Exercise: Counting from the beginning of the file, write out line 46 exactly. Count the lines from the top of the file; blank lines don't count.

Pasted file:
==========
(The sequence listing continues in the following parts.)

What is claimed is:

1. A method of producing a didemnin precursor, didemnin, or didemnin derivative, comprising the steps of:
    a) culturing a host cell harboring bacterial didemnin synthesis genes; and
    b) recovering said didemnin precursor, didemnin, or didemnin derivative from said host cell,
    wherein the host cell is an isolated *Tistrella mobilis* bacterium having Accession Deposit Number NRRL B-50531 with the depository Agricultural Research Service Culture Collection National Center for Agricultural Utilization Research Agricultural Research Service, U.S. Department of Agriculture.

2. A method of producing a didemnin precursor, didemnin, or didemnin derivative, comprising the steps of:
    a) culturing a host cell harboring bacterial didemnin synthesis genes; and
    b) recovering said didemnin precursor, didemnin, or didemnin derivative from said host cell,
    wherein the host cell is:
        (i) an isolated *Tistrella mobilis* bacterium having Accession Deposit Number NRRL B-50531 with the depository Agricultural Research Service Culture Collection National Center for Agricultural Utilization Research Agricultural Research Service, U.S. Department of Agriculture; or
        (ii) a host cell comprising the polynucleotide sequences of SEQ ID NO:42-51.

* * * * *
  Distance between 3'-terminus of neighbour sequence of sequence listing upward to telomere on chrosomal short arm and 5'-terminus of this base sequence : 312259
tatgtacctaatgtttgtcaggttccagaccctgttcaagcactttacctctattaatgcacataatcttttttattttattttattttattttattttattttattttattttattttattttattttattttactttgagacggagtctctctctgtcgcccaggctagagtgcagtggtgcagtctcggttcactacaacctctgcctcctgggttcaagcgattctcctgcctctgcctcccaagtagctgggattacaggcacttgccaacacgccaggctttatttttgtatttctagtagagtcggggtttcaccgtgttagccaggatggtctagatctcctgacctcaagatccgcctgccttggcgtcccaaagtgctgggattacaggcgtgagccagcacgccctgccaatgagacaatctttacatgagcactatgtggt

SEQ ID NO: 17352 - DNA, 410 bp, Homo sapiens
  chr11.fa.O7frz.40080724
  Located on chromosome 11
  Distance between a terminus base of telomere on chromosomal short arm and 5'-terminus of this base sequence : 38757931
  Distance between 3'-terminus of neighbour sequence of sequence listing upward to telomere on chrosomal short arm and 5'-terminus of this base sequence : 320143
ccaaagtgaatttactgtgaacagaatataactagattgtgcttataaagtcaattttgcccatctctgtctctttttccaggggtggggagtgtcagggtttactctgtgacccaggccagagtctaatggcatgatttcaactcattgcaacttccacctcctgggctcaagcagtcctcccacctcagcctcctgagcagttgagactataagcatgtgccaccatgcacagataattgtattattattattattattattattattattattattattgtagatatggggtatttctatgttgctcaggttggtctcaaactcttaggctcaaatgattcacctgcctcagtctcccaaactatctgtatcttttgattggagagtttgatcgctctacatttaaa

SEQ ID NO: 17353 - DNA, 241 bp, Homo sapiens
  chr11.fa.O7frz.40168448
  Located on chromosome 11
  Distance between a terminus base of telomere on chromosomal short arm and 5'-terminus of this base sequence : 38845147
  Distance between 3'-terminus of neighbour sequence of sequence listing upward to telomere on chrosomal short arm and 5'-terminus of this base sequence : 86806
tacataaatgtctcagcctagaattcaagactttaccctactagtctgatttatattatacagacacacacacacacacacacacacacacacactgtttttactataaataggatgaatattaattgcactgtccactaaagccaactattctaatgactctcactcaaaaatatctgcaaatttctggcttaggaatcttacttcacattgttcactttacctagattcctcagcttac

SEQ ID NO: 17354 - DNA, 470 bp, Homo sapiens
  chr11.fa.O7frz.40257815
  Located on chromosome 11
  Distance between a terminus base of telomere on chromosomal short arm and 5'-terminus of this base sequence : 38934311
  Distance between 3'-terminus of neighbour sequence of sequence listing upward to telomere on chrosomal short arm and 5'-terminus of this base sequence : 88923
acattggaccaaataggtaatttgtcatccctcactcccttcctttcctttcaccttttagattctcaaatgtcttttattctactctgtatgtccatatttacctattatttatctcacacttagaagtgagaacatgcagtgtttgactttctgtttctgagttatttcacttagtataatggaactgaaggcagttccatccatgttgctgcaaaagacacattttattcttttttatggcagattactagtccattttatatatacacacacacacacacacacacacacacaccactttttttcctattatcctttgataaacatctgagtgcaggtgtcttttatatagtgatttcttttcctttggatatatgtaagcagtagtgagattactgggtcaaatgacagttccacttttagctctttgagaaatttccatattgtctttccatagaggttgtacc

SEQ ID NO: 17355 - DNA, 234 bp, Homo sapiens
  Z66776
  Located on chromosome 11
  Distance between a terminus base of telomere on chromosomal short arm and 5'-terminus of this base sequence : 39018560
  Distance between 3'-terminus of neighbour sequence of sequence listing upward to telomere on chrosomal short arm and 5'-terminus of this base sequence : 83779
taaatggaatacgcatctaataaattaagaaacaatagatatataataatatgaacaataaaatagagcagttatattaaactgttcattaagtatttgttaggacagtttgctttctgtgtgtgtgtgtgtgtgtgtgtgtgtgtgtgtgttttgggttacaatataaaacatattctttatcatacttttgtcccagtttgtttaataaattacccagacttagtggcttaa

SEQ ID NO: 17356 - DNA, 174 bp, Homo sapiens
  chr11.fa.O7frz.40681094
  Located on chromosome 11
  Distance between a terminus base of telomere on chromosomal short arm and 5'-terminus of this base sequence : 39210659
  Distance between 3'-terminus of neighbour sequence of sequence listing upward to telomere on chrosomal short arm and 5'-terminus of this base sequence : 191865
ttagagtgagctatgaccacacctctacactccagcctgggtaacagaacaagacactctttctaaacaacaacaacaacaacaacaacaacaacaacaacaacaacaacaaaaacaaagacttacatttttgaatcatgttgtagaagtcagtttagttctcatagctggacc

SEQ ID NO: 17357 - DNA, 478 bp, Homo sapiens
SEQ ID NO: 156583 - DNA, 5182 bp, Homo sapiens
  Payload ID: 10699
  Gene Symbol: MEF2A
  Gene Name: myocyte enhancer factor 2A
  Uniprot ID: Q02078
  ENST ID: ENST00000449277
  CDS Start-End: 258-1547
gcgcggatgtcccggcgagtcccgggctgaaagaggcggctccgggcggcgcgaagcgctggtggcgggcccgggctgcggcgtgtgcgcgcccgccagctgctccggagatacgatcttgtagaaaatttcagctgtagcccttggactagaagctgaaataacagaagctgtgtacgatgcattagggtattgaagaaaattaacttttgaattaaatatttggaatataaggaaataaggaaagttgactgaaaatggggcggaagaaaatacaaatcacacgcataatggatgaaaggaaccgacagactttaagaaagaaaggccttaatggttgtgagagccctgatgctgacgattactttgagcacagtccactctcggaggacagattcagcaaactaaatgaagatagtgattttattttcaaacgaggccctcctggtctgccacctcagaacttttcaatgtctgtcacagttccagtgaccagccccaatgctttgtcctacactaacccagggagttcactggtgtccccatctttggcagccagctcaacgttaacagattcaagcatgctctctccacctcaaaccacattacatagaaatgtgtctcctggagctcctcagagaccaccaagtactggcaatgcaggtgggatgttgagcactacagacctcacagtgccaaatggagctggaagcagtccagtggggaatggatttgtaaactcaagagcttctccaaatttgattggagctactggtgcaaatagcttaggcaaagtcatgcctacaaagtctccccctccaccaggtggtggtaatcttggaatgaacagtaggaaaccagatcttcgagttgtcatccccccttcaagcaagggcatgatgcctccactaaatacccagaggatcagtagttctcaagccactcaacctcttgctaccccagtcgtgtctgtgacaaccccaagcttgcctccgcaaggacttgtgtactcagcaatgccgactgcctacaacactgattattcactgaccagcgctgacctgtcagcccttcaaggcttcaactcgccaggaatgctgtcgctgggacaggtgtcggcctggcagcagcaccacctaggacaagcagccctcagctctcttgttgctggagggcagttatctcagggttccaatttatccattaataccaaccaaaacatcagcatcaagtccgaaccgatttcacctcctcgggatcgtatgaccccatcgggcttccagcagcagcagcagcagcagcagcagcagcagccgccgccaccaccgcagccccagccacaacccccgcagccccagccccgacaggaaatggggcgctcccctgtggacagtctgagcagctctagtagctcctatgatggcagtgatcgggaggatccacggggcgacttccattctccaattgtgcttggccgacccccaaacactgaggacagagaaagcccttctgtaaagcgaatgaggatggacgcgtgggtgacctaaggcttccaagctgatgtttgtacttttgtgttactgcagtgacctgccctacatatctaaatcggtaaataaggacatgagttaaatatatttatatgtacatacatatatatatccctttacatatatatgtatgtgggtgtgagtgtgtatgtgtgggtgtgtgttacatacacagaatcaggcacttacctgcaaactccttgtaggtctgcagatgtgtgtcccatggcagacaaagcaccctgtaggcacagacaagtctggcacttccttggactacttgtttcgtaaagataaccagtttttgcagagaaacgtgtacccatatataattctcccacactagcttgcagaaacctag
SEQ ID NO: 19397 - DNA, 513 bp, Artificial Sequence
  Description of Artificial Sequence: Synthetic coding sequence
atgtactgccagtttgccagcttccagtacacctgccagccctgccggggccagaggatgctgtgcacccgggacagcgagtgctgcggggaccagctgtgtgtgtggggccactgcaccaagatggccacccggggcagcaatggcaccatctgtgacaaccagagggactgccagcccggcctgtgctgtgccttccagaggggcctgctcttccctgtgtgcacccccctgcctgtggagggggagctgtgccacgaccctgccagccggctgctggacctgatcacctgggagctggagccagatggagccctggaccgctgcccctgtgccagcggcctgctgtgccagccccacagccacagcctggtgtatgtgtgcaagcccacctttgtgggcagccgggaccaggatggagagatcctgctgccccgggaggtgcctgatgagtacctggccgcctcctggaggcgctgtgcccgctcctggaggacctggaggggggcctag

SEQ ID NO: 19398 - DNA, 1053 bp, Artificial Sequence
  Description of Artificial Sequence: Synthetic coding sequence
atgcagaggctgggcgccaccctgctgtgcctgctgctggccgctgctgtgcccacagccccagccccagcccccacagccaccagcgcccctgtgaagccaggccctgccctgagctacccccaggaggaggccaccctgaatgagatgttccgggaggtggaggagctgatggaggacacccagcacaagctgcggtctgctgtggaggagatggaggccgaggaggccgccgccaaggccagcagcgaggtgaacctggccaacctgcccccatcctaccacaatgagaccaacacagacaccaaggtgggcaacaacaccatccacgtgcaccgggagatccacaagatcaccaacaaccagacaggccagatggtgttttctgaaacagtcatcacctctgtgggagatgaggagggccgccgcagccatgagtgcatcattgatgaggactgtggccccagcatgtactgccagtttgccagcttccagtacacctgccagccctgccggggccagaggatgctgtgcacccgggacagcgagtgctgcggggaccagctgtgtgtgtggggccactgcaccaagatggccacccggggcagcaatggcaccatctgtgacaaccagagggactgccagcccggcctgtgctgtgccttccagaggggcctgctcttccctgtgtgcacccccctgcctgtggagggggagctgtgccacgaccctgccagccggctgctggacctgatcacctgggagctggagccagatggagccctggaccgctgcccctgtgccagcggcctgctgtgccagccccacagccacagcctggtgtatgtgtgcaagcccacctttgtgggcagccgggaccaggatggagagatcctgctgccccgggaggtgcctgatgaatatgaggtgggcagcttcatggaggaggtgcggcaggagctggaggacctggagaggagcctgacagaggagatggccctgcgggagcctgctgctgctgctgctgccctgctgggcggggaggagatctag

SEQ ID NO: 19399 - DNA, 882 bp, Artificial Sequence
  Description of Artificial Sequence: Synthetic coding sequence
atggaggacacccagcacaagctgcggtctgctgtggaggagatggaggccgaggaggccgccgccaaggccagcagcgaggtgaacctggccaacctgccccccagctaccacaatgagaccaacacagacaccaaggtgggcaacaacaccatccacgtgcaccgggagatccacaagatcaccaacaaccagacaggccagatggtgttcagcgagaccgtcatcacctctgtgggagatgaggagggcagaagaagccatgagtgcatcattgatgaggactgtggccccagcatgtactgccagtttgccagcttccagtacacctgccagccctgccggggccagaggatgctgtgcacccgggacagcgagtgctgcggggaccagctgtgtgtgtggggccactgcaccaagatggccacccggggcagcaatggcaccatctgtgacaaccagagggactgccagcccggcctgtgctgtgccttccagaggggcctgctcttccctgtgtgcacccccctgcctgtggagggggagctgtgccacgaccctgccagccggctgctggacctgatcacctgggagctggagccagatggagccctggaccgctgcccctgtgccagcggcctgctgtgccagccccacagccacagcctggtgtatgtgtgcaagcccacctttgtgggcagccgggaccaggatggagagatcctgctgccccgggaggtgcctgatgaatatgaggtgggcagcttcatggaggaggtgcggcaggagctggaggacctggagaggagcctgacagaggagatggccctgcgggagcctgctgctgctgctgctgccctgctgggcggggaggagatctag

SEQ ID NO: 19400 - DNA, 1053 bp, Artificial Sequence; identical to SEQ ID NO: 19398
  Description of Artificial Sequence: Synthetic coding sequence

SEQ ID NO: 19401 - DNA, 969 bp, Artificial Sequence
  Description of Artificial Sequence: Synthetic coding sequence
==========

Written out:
SEQ ID NO: 17357 - DNA, 478 bp, Homo sapiens